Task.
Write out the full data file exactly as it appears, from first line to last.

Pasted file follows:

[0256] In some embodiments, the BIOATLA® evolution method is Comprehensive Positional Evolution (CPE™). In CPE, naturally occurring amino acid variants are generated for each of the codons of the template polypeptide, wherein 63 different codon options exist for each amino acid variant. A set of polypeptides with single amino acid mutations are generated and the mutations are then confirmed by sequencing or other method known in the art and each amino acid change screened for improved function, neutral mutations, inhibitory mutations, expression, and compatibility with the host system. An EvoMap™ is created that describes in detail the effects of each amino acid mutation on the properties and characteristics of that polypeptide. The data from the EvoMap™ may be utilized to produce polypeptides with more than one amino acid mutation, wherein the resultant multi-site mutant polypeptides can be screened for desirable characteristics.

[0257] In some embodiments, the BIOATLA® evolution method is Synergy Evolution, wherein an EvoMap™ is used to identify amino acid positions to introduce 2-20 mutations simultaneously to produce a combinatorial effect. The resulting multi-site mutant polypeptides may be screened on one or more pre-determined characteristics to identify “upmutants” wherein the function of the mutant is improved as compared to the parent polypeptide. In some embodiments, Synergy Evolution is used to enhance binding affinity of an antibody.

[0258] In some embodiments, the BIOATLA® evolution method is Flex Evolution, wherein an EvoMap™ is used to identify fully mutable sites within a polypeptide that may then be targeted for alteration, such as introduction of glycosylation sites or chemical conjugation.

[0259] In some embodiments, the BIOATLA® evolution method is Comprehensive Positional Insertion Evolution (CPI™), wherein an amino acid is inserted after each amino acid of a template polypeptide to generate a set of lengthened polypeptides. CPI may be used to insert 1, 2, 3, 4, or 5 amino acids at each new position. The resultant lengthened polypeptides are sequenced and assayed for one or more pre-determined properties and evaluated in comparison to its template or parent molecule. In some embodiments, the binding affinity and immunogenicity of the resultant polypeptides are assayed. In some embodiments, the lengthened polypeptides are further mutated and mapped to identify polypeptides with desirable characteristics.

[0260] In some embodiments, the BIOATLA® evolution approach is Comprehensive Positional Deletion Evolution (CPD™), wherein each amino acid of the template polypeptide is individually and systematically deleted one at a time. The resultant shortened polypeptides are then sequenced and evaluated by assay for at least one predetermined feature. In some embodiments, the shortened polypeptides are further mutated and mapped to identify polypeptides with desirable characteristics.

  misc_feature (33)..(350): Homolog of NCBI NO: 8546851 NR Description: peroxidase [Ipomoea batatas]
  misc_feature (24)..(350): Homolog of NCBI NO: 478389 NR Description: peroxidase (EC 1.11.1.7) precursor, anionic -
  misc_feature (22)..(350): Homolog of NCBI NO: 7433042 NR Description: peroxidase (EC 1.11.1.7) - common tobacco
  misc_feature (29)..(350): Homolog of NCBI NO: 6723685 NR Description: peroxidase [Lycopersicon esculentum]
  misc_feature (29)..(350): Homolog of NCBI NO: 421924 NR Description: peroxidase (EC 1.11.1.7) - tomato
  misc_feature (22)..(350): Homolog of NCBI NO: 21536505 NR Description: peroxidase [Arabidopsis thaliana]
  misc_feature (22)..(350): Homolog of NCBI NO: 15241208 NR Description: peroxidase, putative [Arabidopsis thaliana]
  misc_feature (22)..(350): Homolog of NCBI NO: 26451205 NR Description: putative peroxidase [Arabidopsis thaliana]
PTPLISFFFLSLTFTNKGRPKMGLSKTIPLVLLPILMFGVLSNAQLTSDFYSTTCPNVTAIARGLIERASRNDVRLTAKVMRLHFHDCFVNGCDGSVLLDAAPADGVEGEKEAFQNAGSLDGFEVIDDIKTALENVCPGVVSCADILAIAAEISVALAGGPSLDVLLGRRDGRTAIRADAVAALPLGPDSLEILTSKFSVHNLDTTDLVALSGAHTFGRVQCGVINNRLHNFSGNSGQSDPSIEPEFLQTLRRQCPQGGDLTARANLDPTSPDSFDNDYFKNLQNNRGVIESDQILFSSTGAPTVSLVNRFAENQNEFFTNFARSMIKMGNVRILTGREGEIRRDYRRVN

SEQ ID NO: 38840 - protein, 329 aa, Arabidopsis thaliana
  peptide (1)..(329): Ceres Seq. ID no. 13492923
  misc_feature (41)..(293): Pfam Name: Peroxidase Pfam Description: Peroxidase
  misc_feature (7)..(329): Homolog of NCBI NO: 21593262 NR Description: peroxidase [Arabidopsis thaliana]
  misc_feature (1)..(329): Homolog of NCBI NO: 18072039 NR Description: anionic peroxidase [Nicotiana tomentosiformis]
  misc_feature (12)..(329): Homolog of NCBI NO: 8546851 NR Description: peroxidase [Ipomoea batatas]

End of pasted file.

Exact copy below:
[0256] In some embodiments, the BIOATLA® evolution method is Comprehensive Positional Evolution (CPE™). In CPE, naturally occurring amino acid variants are generated for each of the codons of the template polypeptide, wherein 63 different codon options exist for each amino acid variant. A set of polypeptides with single amino acid mutations are generated and the mutations are then confirmed by sequencing or other method known in the art and each amino acid change screened for improved function, neutral mutations, inhibitory mutations, expression, and compatibility with the host system. An EvoMap™ is created that describes in detail the effects of each amino acid mutation on the properties and characteristics of that polypeptide. The data from the EvoMap™ may be utilized to produce polypeptides with more than one amino acid mutation, wherein the resultant multi-site mutant polypeptides can be screened for desirable characteristics.

[0257] In some embodiments, the BIOATLA® evolution method is Synergy Evolution, wherein an EvoMap™ is used to identify amino acid positions to introduce 2-20 mutations simultaneously to produce a combinatorial effect. The resulting multi-site mutant polypeptides may be screened on one or more pre-determined characteristics to identify “upmutants” wherein the function of the mutant is improved as compared to the parent polypeptide. In some embodiments, Synergy Evolution is used to enhance binding affinity of an antibody.

[0258] In some embodiments, the BIOATLA® evolution method is Flex Evolution, wherein an EvoMap™ is used to identify fully mutable sites within a polypeptide that may then be targeted for alteration, such as introduction of glycosylation sites or chemical conjugation.

[0259] In some embodiments, the BIOATLA® evolution method is Comprehensive Positional Insertion Evolution (CPI™), wherein an amino acid is inserted after each amino acid of a template polypeptide to generate a set of lengthened polypeptides. CPI may be used to insert 1, 2, 3, 4, or 5 amino acids at each new position. The resultant lengthened polypeptides are sequenced and assayed for one or more pre-determined properties and evaluated in comparison to its template or parent molecule. In some embodiments, the binding affinity and immunogenicity of the resultant polypeptides are assayed. In some embodiments, the lengthened polypeptides are further mutated and mapped to identify polypeptides with desirable characteristics.

[0260] In some embodiments, the BIOATLA® evolution approach is Comprehensive Positional Deletion Evolution (CPD™), wherein each amino acid of the template polypeptide is individually and systematically deleted one at a time. The resultant shortened polypeptides are then sequenced and evaluated by assay for at least one predetermined feature. In some embodiments, the shortened polypeptides are further mutated and mapped to identify polypeptides with desirable characteristics.

  misc_feature (33)..(350): Homolog of NCBI NO: 8546851 NR Description: peroxidase [Ipomoea batatas]
  misc_feature (24)..(350): Homolog of NCBI NO: 478389 NR Description: peroxidase (EC 1.11.1.7) precursor, anionic -
  misc_feature (22)..(350): Homolog of NCBI NO: 7433042 NR Description: peroxidase (EC 1.11.1.7) - common tobacco
  misc_feature (29)..(350): Homolog of NCBI NO: 6723685 NR Description: peroxidase [Lycopersicon esculentum]
  misc_feature (29)..(350): Homolog of NCBI NO: 421924 NR Description: peroxidase (EC 1.11.1.7) - tomato
  misc_feature (22)..(350): Homolog of NCBI NO: 21536505 NR Description: peroxidase [Arabidopsis thaliana]
  misc_feature (22)..(350): Homolog of NCBI NO: 15241208 NR Description: peroxidase, putative [Arabidopsis thaliana]
  misc_feature (22)..(350): Homolog of NCBI NO: 26451205 NR Description: putative peroxidase [Arabidopsis thaliana]
PTPLISFFFLSLTFTNKGRPKMGLSKTIPLVLLPILMFGVLSNAQLTSDFYSTTCPNVTAIARGLIERASRNDVRLTAKVMRLHFHDCFVNGCDGSVLLDAAPADGVEGEKEAFQNAGSLDGFEVIDDIKTALENVCPGVVSCADILAIAAEISVALAGGPSLDVLLGRRDGRTAIRADAVAALPLGPDSLEILTSKFSVHNLDTTDLVALSGAHTFGRVQCGVINNRLHNFSGNSGQSDPSIEPEFLQTLRRQCPQGGDLTARANLDPTSPDSFDNDYFKNLQNNRGVIESDQILFSSTGAPTVSLVNRFAENQNEFFTNFARSMIKMGNVRILTGREGEIRRDYRRVN

SEQ ID NO: 38840 - protein, 329 aa, Arabidopsis thaliana
  peptide (1)..(329): Ceres Seq. ID no. 13492923
  misc_feature (41)..(293): Pfam Name: Peroxidase Pfam Description: Peroxidase
  misc_feature (7)..(329): Homolog of NCBI NO: 21593262 NR Description: peroxidase [Arabidopsis thaliana]
  misc_feature (1)..(329): Homolog of NCBI NO: 18072039 NR Description: anionic peroxidase [Nicotiana tomentosiformis]
  misc_feature (12)..(329): Homolog of NCBI NO: 8546851 NR Description: peroxidase [Ipomoea batatas]